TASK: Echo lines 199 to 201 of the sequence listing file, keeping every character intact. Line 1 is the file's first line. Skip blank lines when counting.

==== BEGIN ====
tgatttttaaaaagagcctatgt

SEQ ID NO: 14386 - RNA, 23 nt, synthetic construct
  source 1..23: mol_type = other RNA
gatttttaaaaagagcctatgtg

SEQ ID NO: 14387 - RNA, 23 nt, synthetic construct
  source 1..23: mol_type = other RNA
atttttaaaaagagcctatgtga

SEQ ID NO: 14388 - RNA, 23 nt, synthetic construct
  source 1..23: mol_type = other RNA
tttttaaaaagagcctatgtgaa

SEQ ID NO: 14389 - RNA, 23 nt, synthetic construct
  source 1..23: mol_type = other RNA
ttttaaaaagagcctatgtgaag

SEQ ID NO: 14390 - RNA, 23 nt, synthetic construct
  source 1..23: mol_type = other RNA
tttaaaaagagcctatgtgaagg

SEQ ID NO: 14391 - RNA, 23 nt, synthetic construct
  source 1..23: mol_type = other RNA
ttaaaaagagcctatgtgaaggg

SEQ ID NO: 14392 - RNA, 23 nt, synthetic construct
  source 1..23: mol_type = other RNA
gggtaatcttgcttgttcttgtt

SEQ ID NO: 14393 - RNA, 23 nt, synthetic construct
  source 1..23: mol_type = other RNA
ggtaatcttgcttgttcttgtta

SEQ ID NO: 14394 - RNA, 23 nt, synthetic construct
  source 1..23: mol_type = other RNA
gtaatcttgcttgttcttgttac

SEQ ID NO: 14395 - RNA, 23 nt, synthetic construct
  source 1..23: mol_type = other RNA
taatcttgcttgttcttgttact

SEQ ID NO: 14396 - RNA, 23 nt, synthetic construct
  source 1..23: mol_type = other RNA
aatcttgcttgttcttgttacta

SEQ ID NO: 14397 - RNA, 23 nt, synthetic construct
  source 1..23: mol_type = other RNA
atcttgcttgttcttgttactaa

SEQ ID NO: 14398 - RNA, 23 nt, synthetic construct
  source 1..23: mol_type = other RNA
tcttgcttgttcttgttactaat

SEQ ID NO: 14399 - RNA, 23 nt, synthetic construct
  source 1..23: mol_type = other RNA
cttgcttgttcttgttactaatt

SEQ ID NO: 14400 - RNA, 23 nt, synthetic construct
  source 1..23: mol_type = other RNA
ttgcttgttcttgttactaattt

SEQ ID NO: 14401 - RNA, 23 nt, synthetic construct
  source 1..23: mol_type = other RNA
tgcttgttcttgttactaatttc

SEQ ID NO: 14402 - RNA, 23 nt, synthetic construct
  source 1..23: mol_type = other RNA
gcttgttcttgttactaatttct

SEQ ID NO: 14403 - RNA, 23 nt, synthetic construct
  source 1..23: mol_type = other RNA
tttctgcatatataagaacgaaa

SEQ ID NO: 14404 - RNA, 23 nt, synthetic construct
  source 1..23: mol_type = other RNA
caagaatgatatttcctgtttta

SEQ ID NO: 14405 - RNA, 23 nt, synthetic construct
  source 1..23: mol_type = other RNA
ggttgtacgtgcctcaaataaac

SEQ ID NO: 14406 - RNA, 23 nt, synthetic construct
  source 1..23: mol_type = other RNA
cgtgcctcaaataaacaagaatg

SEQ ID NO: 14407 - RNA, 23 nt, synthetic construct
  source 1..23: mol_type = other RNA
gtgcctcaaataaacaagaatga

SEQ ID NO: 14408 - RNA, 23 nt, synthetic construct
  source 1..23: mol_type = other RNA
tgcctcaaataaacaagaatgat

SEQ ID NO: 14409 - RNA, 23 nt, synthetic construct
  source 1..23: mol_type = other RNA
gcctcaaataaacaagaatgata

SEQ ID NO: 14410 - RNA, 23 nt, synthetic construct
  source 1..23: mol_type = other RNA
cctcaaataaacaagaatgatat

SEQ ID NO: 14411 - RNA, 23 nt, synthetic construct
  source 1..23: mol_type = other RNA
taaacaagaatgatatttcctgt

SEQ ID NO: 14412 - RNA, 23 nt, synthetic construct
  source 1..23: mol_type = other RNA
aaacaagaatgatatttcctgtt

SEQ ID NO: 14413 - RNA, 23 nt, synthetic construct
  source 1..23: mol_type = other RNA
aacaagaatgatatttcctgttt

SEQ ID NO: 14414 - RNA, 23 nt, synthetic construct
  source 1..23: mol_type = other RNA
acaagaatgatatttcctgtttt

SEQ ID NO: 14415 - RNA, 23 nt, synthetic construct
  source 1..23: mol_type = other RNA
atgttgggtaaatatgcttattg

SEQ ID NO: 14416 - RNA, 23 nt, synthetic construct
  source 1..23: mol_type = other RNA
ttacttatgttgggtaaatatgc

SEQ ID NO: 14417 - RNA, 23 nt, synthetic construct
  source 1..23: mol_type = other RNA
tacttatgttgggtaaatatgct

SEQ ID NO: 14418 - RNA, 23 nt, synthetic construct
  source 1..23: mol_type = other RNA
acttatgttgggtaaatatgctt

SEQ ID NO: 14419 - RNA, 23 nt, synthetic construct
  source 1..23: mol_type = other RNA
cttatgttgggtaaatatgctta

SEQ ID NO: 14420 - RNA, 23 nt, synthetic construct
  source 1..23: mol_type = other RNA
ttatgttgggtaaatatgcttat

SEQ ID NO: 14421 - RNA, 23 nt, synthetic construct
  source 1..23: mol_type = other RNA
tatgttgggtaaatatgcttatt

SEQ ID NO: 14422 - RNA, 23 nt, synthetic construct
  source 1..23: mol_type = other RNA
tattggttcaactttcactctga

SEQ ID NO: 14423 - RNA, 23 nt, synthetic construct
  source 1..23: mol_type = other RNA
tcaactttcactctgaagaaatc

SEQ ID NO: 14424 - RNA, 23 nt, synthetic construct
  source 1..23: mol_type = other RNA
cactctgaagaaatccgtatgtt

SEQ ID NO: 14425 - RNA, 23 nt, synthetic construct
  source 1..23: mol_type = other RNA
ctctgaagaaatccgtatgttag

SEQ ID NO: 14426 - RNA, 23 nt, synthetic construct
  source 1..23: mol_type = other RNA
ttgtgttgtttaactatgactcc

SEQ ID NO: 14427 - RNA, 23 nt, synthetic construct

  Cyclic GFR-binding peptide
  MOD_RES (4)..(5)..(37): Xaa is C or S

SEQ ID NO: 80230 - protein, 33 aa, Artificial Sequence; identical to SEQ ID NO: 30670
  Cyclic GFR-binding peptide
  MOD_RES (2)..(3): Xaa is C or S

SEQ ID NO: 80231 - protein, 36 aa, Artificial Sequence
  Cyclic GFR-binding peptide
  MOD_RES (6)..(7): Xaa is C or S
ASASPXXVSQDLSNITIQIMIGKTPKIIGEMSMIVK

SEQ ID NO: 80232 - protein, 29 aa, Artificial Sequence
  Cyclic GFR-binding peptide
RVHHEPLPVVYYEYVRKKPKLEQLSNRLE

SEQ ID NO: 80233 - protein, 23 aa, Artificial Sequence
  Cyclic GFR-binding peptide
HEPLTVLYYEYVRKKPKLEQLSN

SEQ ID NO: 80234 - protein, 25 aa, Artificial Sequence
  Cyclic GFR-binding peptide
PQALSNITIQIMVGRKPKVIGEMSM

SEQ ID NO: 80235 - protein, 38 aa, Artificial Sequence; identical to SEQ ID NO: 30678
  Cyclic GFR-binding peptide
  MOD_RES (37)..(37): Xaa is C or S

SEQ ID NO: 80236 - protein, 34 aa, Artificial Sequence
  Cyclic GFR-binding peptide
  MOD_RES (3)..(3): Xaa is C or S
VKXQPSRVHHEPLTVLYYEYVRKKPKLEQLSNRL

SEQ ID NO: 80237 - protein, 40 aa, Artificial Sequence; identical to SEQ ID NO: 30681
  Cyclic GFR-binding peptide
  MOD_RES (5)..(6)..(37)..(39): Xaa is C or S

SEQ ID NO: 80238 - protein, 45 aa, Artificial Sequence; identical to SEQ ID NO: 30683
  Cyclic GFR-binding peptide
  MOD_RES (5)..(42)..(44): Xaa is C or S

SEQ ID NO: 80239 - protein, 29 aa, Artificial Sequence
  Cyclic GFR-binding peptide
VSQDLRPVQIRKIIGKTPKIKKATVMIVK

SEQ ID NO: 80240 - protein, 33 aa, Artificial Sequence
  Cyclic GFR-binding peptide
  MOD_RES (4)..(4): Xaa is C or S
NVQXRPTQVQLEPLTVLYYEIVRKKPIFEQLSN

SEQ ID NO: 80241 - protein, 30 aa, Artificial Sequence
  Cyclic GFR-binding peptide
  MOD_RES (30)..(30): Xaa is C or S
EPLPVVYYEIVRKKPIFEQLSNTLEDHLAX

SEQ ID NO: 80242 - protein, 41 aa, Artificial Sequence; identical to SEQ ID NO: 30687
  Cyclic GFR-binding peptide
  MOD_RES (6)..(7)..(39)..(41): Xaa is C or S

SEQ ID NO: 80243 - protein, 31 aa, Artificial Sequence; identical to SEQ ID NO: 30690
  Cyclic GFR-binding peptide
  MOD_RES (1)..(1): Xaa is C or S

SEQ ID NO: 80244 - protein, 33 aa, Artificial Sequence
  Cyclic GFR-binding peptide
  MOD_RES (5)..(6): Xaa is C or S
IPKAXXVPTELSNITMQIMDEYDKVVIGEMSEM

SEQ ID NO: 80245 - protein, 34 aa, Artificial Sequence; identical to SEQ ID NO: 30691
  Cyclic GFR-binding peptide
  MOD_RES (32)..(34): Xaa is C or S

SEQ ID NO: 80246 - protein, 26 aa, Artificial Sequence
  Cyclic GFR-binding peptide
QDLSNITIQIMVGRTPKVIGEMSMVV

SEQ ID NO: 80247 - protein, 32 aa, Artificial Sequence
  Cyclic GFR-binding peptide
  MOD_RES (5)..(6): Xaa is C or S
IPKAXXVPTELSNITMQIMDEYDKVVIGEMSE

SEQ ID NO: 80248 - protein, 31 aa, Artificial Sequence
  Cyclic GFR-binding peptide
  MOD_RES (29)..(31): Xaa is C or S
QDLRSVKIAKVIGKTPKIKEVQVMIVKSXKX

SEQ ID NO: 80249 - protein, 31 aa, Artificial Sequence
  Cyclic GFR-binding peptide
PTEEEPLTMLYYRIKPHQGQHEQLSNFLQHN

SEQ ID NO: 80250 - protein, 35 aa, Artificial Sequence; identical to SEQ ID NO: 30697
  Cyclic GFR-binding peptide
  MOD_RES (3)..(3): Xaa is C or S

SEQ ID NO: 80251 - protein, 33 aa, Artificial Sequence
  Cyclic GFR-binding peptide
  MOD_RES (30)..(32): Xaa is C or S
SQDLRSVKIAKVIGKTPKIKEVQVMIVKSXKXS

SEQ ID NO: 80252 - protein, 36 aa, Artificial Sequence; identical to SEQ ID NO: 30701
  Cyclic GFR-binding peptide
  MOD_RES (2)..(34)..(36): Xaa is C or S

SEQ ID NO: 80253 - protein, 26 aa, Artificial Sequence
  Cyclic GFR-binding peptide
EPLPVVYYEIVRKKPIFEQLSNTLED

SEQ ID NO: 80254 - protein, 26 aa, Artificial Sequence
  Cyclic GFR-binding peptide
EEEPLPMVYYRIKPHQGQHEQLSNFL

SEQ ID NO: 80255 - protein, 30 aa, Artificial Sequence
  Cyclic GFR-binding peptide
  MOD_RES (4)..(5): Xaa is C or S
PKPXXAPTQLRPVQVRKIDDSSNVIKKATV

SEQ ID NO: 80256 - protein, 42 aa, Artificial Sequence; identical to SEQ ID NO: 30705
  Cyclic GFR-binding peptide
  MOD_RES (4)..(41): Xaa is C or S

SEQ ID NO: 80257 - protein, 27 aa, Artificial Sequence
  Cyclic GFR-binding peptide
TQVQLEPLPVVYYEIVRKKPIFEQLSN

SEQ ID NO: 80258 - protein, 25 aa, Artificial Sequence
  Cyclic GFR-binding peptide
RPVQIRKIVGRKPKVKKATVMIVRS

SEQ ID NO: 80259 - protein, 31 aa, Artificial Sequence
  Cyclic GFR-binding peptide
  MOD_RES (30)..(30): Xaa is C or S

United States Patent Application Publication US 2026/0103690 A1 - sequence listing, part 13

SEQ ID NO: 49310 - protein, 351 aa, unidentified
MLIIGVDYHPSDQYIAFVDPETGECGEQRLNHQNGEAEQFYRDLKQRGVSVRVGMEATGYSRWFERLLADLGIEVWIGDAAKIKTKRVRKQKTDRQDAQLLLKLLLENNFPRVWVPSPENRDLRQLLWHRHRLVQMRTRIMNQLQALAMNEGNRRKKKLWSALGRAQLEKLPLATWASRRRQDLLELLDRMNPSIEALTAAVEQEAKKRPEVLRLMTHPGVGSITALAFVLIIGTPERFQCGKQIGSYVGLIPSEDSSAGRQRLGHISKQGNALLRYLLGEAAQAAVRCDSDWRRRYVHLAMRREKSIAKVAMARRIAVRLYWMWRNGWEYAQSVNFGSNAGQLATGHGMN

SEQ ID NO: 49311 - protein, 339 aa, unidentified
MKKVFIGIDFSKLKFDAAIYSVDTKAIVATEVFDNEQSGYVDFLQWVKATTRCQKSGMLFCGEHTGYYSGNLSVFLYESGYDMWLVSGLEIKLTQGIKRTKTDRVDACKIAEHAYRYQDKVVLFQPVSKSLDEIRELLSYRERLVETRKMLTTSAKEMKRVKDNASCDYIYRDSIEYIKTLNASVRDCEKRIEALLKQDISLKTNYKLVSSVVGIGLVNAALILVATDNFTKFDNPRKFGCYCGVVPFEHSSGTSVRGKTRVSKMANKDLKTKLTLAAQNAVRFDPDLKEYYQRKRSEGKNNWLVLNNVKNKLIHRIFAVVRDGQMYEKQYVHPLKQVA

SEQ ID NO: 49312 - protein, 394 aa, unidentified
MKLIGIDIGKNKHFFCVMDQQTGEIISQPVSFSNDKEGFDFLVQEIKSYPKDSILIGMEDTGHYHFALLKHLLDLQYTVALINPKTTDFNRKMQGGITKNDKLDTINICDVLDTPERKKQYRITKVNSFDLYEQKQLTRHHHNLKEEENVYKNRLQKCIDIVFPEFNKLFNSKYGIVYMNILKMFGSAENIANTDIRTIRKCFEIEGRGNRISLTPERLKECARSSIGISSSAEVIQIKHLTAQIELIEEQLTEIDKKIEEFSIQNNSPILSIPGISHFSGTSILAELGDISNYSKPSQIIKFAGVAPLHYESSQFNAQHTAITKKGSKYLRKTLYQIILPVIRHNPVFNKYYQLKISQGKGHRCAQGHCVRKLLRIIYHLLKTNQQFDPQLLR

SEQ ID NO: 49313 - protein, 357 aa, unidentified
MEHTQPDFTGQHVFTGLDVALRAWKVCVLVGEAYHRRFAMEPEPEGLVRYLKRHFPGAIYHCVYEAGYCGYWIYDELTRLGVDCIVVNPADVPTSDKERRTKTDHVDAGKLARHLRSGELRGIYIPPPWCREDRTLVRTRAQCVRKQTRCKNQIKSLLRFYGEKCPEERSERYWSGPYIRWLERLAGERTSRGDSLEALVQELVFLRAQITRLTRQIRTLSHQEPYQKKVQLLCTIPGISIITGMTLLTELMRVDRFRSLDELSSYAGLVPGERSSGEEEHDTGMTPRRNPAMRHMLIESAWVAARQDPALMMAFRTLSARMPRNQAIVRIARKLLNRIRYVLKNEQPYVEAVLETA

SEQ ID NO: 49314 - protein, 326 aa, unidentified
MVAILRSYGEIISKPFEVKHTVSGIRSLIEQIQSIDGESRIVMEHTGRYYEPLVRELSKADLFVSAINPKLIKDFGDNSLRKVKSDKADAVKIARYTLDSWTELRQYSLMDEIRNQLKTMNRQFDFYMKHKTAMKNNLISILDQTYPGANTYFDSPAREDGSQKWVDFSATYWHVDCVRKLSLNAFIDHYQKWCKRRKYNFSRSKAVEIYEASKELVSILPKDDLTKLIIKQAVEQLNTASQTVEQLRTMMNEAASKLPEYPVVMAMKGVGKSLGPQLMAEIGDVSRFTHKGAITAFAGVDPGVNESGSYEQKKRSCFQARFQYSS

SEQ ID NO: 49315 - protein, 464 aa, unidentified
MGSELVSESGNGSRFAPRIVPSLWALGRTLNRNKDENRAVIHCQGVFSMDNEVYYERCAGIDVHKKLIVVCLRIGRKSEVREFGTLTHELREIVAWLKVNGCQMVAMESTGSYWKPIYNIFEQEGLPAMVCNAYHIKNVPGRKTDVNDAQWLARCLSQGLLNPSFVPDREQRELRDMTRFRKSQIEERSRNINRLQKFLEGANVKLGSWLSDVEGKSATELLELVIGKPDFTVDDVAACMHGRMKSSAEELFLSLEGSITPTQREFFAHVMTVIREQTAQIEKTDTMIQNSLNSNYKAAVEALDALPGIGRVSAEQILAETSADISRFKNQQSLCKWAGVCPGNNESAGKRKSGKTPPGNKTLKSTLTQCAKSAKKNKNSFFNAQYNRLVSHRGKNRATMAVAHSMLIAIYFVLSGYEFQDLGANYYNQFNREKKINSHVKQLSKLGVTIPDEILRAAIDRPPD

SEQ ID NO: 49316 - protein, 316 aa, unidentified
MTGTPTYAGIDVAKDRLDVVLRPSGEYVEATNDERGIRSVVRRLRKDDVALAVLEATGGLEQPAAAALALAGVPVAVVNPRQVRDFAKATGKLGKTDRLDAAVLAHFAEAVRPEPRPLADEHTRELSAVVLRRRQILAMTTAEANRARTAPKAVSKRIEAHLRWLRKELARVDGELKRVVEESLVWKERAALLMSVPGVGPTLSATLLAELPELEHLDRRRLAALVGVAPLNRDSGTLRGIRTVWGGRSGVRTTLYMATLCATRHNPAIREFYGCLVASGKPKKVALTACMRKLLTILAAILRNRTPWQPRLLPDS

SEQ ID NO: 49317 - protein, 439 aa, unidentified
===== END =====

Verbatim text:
  Cyclic GFR-binding peptide
  MOD_RES (30)..(32): Xaa is C or S
SQDLRSVKIAKVIGKTPKIKEVQVMIVKSXKXS